witty says:

    How much fraud is in the escrow industry? Seems like whenever you hear of mortgage fraud, there’s more than one player…including escrow.

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  19. 19
    S Crow says:

    True, but not nearly on the scale in sheer numbers than in lending.

    Some of the fraud you refer to is in title/escrow agent combination shops.

    This is where an title/escrow shop has players involved in doing serious fraud as part of an organized ring;such as an appraiser, realtor and closing agent all part of the deal. You have to have mutual cooperation for some of this to unfold.

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  20. 20
    witty says:

    Well, there are more loan originators than escrow officers, so mathetically, this would be the case.

    One of the former heads of the local escrow assc. Ted Grimes, who was independent, went down big time for spending $$ that was not his.

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  21. 21
    witty says:

    I believe another escrow company recently shut down (Action Escrow?)…independent… for fraud that involved duplicate HUDs for a lender.

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  22. 22
    Jillayne says:

    Hi All,

    I have co-authored articles about this problem for YEARS now.

    In answer to the observation of just enforcing the existing laws, our government has limited resources. They go after the really, really bad cases. They don’t have enough money to go after the small cases, which is why we continue to see problems nationwide, not just here in Seattle.

    One solution (I’m not saying I have THE magic answer) is for the industry to enact self-regulation. If they don’t start doing that, they’ll end up facing harsh government regulations, and higher government fees to regulate them. I’ve been invited to WaDC this year to testify to this end.

    I advocate all comments in regards to increasing minimum levels of education, especially the comments about taking a course in economics.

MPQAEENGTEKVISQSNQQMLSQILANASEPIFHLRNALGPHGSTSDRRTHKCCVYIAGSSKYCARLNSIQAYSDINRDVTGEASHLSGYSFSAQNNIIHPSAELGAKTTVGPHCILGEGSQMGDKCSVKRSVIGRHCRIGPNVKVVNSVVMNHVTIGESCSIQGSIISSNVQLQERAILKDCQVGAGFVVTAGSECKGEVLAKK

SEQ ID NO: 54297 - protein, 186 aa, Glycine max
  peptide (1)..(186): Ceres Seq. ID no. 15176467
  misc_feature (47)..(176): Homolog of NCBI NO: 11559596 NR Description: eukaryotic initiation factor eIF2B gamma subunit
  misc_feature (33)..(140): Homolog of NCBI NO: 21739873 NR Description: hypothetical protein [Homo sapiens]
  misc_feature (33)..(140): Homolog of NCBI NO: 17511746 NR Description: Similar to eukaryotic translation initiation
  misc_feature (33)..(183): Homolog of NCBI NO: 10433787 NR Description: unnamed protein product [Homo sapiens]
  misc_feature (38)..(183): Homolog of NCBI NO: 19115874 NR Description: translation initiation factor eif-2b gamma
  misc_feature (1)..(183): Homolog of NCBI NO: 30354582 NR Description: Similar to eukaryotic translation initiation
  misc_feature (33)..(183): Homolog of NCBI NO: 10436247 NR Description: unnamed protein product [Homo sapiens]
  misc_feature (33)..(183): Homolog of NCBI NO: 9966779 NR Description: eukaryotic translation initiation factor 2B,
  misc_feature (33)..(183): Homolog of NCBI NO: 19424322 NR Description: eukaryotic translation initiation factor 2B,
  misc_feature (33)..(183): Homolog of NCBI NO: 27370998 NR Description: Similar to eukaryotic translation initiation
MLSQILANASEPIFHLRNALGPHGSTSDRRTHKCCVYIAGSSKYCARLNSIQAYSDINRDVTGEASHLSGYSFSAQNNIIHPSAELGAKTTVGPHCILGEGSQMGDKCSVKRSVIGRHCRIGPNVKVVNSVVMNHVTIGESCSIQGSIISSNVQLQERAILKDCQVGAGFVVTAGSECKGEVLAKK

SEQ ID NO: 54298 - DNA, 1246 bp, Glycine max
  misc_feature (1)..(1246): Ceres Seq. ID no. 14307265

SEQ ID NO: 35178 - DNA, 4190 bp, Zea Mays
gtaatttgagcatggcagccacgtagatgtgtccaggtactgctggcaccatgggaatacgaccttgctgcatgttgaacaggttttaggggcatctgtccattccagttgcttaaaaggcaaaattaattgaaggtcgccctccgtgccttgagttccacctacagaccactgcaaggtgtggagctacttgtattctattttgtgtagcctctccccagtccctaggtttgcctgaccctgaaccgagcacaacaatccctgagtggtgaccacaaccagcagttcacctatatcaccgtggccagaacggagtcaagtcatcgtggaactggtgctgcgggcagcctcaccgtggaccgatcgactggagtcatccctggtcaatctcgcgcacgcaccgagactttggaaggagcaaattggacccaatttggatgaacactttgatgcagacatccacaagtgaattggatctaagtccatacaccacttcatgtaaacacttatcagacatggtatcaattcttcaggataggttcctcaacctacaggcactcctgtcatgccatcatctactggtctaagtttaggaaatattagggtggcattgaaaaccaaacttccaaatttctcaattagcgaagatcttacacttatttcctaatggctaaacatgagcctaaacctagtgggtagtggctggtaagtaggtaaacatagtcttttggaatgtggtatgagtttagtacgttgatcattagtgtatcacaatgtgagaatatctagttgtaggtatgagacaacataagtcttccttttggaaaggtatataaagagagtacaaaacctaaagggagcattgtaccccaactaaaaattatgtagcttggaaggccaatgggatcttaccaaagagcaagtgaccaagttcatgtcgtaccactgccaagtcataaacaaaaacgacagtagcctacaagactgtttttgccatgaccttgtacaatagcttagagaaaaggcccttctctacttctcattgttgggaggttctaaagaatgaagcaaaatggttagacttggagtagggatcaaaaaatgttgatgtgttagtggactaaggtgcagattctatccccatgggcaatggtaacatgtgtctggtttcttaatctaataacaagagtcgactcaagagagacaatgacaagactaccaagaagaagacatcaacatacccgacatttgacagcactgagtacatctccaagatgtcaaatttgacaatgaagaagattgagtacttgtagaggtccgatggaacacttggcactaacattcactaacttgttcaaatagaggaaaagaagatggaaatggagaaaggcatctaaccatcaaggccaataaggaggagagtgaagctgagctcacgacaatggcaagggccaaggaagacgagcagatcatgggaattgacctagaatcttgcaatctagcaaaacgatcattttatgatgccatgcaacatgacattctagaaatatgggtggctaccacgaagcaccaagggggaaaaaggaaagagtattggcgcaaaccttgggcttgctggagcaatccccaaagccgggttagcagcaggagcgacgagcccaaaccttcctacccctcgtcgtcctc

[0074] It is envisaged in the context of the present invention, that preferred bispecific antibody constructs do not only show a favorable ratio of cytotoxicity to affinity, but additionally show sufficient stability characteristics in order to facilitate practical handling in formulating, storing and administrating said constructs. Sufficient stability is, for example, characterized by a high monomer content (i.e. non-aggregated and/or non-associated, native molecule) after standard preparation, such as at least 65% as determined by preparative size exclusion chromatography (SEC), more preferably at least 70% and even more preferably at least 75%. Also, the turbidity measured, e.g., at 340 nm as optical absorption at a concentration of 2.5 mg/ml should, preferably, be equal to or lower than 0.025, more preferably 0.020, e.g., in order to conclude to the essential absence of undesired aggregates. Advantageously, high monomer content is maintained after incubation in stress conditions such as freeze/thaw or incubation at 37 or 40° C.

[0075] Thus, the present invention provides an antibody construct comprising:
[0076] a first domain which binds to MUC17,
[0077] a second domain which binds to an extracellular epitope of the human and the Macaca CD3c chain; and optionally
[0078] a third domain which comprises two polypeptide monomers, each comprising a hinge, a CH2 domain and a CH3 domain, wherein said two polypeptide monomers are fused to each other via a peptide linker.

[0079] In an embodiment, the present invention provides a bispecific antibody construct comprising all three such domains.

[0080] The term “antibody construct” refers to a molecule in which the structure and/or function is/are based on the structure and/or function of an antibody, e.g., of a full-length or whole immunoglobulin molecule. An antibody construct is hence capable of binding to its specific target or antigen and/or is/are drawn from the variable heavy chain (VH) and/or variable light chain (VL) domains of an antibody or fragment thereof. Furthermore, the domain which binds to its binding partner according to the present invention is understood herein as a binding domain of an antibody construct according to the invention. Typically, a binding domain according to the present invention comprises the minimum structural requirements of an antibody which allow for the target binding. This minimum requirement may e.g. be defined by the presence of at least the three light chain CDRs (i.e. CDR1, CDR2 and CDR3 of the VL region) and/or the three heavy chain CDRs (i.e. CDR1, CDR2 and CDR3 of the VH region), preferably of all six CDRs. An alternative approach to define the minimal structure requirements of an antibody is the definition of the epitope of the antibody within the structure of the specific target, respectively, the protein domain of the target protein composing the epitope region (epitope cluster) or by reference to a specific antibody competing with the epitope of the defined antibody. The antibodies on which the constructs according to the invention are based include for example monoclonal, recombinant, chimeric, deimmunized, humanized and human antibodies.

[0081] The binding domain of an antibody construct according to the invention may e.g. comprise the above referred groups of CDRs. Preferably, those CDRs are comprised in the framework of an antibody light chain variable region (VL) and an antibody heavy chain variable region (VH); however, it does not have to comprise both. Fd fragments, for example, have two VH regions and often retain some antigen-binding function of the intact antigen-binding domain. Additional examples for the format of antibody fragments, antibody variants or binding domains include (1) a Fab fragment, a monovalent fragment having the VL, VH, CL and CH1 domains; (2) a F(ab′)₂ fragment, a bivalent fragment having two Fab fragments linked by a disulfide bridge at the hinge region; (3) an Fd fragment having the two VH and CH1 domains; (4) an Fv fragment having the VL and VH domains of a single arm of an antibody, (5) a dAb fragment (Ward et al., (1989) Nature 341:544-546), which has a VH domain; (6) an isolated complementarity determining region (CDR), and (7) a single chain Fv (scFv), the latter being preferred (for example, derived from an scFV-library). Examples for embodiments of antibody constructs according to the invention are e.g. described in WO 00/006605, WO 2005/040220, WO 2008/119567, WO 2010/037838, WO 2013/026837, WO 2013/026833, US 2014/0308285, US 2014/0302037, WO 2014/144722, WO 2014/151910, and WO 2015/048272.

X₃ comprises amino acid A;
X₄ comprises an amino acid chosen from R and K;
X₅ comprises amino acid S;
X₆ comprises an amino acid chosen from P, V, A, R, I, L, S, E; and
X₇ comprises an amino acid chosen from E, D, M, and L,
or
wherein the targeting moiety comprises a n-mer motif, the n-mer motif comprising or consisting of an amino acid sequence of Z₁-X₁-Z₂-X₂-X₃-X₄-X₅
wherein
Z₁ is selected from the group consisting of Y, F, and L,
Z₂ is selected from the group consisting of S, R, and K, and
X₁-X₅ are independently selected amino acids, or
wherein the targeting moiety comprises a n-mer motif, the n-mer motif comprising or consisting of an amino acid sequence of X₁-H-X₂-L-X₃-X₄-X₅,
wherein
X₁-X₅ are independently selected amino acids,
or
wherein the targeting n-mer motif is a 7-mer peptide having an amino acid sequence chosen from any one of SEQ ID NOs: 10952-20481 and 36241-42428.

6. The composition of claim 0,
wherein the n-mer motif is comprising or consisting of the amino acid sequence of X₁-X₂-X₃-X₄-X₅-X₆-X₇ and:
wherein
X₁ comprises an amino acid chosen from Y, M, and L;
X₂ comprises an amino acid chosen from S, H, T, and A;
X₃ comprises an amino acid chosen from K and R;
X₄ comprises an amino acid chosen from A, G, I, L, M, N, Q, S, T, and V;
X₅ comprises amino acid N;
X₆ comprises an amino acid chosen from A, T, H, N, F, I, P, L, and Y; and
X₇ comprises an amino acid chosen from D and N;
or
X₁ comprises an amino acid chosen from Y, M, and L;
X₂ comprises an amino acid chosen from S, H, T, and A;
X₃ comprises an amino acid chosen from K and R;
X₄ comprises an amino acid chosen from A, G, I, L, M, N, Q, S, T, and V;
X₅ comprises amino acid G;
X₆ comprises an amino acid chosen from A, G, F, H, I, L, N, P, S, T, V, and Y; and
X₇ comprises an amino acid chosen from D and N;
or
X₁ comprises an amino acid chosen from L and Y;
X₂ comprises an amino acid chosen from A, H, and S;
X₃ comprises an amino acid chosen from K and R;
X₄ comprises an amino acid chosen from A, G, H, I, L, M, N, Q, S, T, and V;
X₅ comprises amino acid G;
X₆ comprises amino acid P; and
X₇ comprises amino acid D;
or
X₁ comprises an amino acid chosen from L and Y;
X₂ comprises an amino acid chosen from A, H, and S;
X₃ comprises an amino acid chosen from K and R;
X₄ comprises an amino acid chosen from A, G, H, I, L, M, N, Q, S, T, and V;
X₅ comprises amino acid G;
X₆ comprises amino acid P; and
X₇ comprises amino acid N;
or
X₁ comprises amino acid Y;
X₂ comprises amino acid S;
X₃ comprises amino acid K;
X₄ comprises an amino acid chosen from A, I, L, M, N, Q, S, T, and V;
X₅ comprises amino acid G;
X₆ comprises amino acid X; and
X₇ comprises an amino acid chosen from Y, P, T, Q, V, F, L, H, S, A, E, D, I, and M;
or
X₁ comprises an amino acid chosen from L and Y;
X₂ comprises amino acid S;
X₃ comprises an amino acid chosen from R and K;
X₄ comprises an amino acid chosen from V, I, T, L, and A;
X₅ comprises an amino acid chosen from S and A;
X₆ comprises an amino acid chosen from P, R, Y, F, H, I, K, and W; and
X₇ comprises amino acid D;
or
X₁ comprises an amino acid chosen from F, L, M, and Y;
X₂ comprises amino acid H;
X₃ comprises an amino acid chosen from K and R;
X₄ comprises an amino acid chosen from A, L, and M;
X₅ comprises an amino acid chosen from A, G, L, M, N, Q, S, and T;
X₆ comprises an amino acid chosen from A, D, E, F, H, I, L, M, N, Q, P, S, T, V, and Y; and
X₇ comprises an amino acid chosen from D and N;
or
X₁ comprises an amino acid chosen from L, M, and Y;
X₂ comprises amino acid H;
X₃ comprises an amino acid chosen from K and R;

You have no idea what I’ve seen in the classroom….I could tell stories.

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  23. 23
    witty says:

    Sorry, I’m having problem with this line…”Um, how about including credit checks, like required of escrow ownership”

    Owners of Mortgage Brokerages go through extensive background and credit checks.

    Do closers need credit checks if they do not have ownership interest in the Escrow Company?

    Also, Licensing only applies to mortgage brokers, not loan orignators who work for banks like Countrywide, Wells Fargo, Washington Mutual and also not loan originators who work for consumer loan companies (some of the highest interest rates you will care to find).

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  24. 24
    shane says:

    Becoming an LO is far too easy. I am a mortgage underwriter. Just today I was told by an “experienced broker” that there borrowers mortgage was not in defualt, they just missed the last 4 payments! Unfortunately, statements like that are common enough it barely surprised me.

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  25. 25
    witty says:

    How easy is it to become an underwriter, Shane? I don’t know, but please inform me…what did you have to do to become an underwriter? Background checks? Credit reports? College Degrees?
    I’d love to know.